"Those kinds of things are exactly what we're taking about," White said. "These roads are our roads. This is how I get home every day — and if we don't get control over the amount of traffic that is up there, we've got a very real problem."
White also rebutted earlier speakers’ claims about parked cars not posing a risk to beach-goers. He said his concern is about motorists who just drive through the off-road area.
"If we can deter some of that, then that's a good thing for our visitors that have paid to be here," he said.
White also defended the county against the suggestion that, instead of a permit and fee system, it instead hand out driving passes to visitors. A speaker had suggested the county set up a gate at the end of the paved road and station someone there to collect fees from motorists.
White said gating the off-road area would lead to a heavy backup at the beach entry point. He also noted real estate and home-service vehicles constantly go in and out of the off-road area.
Commissioner Paul Beaumont said the board didn't consider the permitting system in a vacuum, but rather was asked by Carova Beach residents to adopt one.
"The concern is when kids who ... cannot see anything else other their parents and the ocean and are completely oblivious to the vehicles going up and down the beach," Beaumont said. "That's who we're trying to protect — our visitors, our guests and our residents."
Prior to voting to approve the beach parking permits, commissioners heard from more than half-a-dozen speakers.
One speaker was Lawrence Mason, a Navy sailor who lives in Chesapeake, Virginia, and is a member of multiple off-road vehicle organizations. He said one of the key draws for him and others to Currituck’s off-road area is it’s the only one still free to use.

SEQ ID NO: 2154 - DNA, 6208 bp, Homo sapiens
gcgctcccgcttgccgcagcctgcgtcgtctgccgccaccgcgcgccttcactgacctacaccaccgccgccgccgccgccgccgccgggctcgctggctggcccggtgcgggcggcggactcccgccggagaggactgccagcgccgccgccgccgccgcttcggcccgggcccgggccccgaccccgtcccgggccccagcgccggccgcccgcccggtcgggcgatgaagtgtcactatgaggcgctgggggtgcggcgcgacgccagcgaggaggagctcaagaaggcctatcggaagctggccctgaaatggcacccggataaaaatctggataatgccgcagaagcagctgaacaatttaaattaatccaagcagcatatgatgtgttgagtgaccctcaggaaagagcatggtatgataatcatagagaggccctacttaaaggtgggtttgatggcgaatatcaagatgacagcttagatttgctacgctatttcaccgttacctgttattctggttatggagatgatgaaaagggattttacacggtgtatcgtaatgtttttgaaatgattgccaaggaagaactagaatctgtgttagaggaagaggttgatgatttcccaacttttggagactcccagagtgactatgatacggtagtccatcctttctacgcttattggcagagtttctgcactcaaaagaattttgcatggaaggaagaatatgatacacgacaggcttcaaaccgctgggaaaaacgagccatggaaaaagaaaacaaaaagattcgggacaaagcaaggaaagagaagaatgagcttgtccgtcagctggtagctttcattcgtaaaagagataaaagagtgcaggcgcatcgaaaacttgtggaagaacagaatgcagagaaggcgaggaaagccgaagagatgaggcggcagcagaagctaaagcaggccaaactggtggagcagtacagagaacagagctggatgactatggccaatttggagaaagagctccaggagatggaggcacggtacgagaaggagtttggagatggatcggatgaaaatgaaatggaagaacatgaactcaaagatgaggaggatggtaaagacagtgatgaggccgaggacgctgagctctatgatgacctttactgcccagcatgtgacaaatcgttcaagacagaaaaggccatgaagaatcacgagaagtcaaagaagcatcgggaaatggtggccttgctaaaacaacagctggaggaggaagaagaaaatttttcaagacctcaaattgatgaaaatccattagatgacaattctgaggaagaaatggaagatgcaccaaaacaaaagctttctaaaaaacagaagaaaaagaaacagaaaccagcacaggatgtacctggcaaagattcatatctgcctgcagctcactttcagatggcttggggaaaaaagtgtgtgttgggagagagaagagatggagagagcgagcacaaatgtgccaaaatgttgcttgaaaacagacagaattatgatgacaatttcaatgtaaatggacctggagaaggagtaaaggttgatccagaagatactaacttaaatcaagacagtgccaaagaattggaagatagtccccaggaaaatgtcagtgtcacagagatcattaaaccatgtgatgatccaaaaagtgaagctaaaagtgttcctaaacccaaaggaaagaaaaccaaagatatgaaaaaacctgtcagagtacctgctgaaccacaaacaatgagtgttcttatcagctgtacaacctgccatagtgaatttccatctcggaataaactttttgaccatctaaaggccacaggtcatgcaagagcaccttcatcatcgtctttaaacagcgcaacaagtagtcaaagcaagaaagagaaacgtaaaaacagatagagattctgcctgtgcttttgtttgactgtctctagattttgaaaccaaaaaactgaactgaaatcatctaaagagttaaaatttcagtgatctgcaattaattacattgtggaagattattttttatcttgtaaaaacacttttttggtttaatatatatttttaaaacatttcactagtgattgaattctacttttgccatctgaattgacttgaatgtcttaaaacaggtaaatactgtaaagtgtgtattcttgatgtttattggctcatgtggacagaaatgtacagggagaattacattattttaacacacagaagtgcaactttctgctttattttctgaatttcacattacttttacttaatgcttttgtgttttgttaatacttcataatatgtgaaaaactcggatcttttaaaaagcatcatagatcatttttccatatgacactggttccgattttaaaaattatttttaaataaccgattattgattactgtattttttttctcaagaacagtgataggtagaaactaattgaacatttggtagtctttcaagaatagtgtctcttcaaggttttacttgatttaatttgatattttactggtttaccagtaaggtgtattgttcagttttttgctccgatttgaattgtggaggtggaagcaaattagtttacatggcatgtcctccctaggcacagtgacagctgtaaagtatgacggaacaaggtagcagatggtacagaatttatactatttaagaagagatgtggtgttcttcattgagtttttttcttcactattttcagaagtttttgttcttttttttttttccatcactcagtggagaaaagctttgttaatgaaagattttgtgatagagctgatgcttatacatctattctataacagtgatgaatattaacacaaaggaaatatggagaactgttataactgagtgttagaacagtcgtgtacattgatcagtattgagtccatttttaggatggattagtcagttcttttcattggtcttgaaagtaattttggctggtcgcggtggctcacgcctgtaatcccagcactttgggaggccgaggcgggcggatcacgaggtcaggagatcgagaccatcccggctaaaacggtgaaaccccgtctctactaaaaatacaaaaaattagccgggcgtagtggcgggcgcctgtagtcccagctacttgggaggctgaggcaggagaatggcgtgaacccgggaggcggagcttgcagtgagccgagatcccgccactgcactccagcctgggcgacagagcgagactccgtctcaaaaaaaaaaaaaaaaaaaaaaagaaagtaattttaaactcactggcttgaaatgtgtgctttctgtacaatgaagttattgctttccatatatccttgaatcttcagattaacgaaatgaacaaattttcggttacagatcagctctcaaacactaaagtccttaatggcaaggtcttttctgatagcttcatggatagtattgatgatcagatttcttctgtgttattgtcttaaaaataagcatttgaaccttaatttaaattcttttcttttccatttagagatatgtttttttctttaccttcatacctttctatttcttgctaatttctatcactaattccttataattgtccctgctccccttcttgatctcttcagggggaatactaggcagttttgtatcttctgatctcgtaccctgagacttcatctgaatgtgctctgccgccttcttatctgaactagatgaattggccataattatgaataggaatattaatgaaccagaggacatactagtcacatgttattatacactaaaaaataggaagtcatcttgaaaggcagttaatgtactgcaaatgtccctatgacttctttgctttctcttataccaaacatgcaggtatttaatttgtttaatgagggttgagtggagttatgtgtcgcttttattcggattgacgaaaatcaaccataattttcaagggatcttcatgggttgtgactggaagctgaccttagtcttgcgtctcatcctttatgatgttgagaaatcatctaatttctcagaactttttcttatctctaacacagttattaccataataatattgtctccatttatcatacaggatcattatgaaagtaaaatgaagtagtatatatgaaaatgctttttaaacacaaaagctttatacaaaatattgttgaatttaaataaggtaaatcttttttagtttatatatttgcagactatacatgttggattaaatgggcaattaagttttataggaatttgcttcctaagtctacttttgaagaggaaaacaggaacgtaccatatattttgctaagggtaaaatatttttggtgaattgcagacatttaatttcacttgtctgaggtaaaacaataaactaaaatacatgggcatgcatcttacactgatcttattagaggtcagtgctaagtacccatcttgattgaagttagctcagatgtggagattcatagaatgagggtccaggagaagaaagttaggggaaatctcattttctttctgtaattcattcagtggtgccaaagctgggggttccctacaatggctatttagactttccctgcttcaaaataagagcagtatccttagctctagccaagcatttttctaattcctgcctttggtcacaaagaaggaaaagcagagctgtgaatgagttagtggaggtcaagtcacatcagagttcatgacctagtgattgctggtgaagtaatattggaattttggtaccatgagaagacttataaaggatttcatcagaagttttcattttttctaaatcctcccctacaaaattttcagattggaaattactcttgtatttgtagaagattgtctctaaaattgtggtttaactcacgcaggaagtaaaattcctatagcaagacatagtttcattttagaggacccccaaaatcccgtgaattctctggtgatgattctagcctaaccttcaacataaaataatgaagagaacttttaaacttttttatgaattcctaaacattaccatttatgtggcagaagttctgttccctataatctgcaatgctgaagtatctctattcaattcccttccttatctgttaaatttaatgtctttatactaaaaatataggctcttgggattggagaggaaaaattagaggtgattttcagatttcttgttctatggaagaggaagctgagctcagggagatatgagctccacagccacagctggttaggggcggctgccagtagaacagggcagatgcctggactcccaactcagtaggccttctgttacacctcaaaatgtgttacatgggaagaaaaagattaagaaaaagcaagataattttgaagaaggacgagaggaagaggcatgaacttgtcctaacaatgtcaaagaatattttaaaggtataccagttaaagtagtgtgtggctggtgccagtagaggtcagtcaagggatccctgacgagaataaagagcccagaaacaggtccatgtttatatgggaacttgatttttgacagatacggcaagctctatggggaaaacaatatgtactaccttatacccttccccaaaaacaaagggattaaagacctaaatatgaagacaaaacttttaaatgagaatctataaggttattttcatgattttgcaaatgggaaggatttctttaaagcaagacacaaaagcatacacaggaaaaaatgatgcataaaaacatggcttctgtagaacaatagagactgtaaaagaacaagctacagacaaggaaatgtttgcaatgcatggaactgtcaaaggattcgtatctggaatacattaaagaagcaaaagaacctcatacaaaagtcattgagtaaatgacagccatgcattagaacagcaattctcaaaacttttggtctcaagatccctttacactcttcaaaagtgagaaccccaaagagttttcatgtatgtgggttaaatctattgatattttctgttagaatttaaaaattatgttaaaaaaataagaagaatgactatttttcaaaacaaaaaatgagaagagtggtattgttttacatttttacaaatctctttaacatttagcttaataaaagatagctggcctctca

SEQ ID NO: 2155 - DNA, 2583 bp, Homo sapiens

He said while he's not fully opposed to the idea of a parking pass system for visitors, he thinks “there should be more planning and consideration put into this process before creating policy."
“If the price of an annual pass were less than that at the (Cape Hatteras) National Seashore, many of us returning out-of-towners would likely purchase it," he said. "And for those that may not be interested in an annual pass, a day pass for a set fee, such as $10, seems reasonable.
"Making those that are only visiting for a day or a weekend buy a 10-day or a year-long pass doesn't seem to quite make sense."
Cape Hatteras National Seashore, according to its website, charges $50 for a 10-day off-road vehicle permit and $120 for an annual permit.
Paul Gilbert, representing the Virginia 4-Wheel Drive Association, urged commissioners to take their time before implementing the permit system.
"If it has to wait a year to pass, this is a far better decision than throwing out a rushed ordinance that, for a lack of better words, has more gray areas than a black-and-white television," Gilbert said.